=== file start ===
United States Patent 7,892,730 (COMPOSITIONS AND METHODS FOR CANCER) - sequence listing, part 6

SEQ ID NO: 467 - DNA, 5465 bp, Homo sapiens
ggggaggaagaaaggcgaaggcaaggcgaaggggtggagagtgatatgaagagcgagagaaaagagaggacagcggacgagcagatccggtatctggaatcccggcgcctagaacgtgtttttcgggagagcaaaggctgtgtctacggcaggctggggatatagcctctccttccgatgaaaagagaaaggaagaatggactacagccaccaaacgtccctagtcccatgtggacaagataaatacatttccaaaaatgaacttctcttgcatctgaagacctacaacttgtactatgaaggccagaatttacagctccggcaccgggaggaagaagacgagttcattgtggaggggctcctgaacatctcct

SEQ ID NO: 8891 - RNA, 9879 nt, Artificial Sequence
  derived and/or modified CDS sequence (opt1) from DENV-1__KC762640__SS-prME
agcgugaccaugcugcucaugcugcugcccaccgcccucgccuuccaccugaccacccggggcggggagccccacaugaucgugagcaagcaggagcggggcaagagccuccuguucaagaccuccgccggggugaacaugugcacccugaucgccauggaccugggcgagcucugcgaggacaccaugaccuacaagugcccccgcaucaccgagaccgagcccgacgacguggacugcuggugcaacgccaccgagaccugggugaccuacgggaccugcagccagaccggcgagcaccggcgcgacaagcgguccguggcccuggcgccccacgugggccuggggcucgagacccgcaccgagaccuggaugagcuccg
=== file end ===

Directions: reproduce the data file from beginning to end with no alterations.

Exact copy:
United States Patent 7,892,730 (COMPOSITIONS AND METHODS FOR CANCER) - sequence listing, part 6

SEQ ID NO: 467 - DNA, 5465 bp, Homo sapiens
ggggaggaagaaaggcgaaggcaaggcgaaggggtggagagtgatatgaagagcgagagaaaagagaggacagcggacgagcagatccggtatctggaatcccggcgcctagaacgtgtttttcgggagagcaaaggctgtgtctacggcaggctggggatatagcctctccttccgatgaaaagagaaaggaagaatggactacagccaccaaacgtccctagtcccatgtggacaagataaatacatttccaaaaatgaacttctcttgcatctgaagacctacaacttgtactatgaaggccagaatttacagctccggcaccgggaggaagaagacgagttcattgtggaggggctcctgaacatctcct

SEQ ID NO: 8891 - RNA, 9879 nt, Artificial Sequence
  derived and/or modified CDS sequence (opt1) from DENV-1__KC762640__SS-prME
agcgugaccaugcugcucaugcugcugcccaccgcccucgccuuccaccugaccacccggggcggggagccccacaugaucgugagcaagcaggagcggggcaagagccuccuguucaagaccuccgccggggugaacaugugcacccugaucgccauggaccugggcgagcucugcgaggacaccaugaccuacaagugcccccgcaucaccgagaccgagcccgacgacguggacugcuggugcaacgccaccgagaccugggugaccuacgggaccugcagccagaccggcgagcaccggcgcgacaagcgguccguggcccuggcgccccacgugggccuggggcucgagacccgcaccgagaccuggaugagcuccg